Here is an invitation: come with me on a journey into the Cairngorms.
Perhaps, like me, you live here; perhaps, like I once was, you are a visitor. In some senses they are the same. Next to the deep time of the mountains, our sojourns here, whether a lifetime or a holiday, are but a flicker. And yet, however brief – and even if we have never come – we make our mark.
These ranges and valleys, with their forests, rivers, moors and marshes, may be ancient, but they are not invincible. They live. And the collective effect of all of us who have shared their life for thousands of years has shaped and changed them, just as they change us. They and we live together.
And we belong here. In the same way as the capercaillie and the stag, the mountain willow and the scots pine, people belong in this place. Why not? People are not aliens or machines imported to this planet from elsewhere, and nor do I believe the world would be a better place without us. People are of the earth; as much a part of nature as the rocks and trees and creatures.
But too often we have forgotten it. Too often we live on it rather than within it, not noticing how much the damage to the earth is damage to us, or how much the thriving of the earth is our own thriving.
So I am learning to take notice; to find and feel my belonging to the natural world around and its belonging to me. That is the journey of a lifetime, but 2019 is unique as I am privileged to be Writer-in-Residence for the Cairngorms National Park. I am already a writer (since childhood) and already a resident (since 2006) so what does this role mean? It means time alongside other folk sharing our experiences of this special place together, whether in workshops, story-telling sessions or reading each other’s work. It also means time for me to write with a particular focus on our life here alongside nature.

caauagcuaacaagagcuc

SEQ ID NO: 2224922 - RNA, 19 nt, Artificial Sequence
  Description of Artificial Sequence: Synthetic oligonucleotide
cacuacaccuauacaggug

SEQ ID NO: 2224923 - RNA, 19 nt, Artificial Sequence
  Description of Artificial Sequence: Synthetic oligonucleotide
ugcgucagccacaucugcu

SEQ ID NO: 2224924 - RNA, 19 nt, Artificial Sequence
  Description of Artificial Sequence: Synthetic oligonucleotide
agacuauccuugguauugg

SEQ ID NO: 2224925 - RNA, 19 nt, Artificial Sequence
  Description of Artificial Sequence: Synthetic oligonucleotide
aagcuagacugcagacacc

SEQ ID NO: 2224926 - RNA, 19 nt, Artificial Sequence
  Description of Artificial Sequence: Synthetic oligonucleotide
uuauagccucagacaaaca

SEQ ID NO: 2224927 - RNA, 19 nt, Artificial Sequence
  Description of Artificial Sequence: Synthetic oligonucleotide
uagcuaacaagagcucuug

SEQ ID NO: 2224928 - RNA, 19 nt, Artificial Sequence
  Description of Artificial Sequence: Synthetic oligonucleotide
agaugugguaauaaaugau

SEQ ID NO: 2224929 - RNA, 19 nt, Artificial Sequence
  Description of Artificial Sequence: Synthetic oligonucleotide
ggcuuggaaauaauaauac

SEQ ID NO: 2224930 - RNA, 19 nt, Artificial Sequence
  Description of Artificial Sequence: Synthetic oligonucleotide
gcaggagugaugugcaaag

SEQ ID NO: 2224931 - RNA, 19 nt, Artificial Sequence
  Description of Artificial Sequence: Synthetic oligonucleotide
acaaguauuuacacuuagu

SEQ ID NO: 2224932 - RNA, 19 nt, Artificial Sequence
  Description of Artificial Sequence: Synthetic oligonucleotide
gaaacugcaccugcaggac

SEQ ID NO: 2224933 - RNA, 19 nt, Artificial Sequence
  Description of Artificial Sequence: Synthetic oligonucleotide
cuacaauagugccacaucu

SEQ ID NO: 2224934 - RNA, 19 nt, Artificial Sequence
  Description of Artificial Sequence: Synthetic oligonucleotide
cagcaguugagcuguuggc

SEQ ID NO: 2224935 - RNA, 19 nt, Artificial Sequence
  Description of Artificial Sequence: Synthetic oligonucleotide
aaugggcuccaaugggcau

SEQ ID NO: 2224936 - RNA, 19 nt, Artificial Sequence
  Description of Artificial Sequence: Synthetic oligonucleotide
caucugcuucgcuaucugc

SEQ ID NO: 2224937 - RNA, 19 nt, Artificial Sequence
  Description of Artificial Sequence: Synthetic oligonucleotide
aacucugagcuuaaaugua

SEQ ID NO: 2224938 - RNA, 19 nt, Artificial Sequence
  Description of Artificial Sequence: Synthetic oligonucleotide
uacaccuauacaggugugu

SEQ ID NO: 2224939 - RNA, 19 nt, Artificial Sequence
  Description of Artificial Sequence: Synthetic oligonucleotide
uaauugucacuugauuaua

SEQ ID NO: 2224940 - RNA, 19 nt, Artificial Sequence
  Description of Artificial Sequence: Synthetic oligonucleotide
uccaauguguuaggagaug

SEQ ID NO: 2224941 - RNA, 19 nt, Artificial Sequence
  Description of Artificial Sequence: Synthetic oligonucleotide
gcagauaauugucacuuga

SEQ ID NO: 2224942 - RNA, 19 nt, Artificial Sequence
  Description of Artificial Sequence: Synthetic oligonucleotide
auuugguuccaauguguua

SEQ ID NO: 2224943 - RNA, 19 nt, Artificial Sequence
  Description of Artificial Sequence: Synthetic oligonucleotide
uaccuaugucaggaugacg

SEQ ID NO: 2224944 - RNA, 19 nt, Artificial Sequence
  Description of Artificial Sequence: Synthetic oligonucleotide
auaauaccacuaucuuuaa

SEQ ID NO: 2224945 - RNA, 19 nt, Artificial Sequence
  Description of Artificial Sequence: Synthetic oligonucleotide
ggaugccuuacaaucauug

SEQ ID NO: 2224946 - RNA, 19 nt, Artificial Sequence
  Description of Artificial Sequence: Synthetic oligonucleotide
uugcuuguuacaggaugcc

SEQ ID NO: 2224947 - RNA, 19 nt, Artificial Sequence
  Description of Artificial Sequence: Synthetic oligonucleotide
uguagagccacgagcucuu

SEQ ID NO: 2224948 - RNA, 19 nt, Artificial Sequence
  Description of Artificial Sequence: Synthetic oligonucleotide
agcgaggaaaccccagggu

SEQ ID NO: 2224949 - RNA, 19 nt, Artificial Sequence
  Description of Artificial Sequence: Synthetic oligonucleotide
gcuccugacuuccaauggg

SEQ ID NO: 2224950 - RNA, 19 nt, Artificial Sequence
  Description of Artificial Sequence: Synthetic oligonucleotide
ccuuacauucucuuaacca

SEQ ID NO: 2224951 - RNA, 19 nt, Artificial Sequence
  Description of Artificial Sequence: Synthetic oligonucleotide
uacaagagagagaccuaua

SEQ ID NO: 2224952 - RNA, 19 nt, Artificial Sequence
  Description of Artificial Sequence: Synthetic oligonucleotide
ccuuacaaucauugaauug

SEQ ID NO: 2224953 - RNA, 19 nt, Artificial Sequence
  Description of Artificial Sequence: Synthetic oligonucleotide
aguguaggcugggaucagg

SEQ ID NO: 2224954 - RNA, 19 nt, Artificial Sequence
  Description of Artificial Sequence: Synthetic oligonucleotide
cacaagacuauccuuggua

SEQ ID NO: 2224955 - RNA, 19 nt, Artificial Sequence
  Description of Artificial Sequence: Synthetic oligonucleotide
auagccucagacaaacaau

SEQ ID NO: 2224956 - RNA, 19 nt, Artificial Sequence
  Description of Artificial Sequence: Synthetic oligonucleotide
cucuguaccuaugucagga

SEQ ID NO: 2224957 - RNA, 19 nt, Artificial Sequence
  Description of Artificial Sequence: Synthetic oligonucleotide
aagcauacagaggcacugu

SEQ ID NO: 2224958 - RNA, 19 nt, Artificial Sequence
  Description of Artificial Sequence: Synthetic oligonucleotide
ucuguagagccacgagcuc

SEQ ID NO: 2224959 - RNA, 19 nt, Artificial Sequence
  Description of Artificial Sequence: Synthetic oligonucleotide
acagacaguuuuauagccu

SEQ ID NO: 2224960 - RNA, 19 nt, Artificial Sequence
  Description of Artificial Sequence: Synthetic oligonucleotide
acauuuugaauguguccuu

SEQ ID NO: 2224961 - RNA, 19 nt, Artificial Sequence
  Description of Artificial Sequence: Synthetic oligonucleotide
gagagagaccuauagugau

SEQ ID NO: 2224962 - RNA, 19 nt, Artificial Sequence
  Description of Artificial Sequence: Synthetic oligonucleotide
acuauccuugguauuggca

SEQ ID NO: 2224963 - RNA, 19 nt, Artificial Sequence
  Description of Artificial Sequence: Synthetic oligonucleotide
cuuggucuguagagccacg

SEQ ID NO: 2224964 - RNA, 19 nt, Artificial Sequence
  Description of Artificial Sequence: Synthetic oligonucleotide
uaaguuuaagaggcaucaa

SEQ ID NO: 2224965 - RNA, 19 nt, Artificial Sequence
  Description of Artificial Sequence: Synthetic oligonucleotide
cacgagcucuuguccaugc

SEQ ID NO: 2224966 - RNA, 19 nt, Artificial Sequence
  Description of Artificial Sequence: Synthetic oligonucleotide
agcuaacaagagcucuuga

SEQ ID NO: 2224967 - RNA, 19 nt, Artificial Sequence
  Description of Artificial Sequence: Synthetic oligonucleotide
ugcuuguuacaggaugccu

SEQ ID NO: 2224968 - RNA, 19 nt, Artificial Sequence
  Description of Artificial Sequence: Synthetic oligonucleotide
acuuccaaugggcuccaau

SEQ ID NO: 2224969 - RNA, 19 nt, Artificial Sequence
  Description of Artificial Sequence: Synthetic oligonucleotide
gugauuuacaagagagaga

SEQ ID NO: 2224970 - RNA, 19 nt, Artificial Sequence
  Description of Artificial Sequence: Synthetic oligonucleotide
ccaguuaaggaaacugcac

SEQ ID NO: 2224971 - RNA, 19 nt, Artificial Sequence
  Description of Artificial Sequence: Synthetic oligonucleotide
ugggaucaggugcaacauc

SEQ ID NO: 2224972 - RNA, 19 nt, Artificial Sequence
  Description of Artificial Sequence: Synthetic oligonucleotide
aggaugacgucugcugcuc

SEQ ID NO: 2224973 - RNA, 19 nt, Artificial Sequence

I don’t know yet what I will write or what form it will take. My plan is not to have a plan, but to explore the territory, both physically and creatively. That feels at once exciting and frightening, because I don’t know where it will lead or what I will have to show for myself by the end. But it also feels right. This year is a kind of pilgrimage; it has a goal but no fixed destination. It is a journey into the living landscape and a pledge to listen to it; a traveling in stillness as well as motion; a commitment to presence. As Nan Shepherd wrote in the first page of The Living Mountain, her iconic hymn to the Cairngorms, “it is to know its essential nature that I am seeking here.”
And so I invite you on this journey of seeking. You can join in the workshops and your own writing by following the news at Cairngorms National Park; and you can follow my pilgrimage through this blog on my website. However you live in and love this place, I hope you will share your story.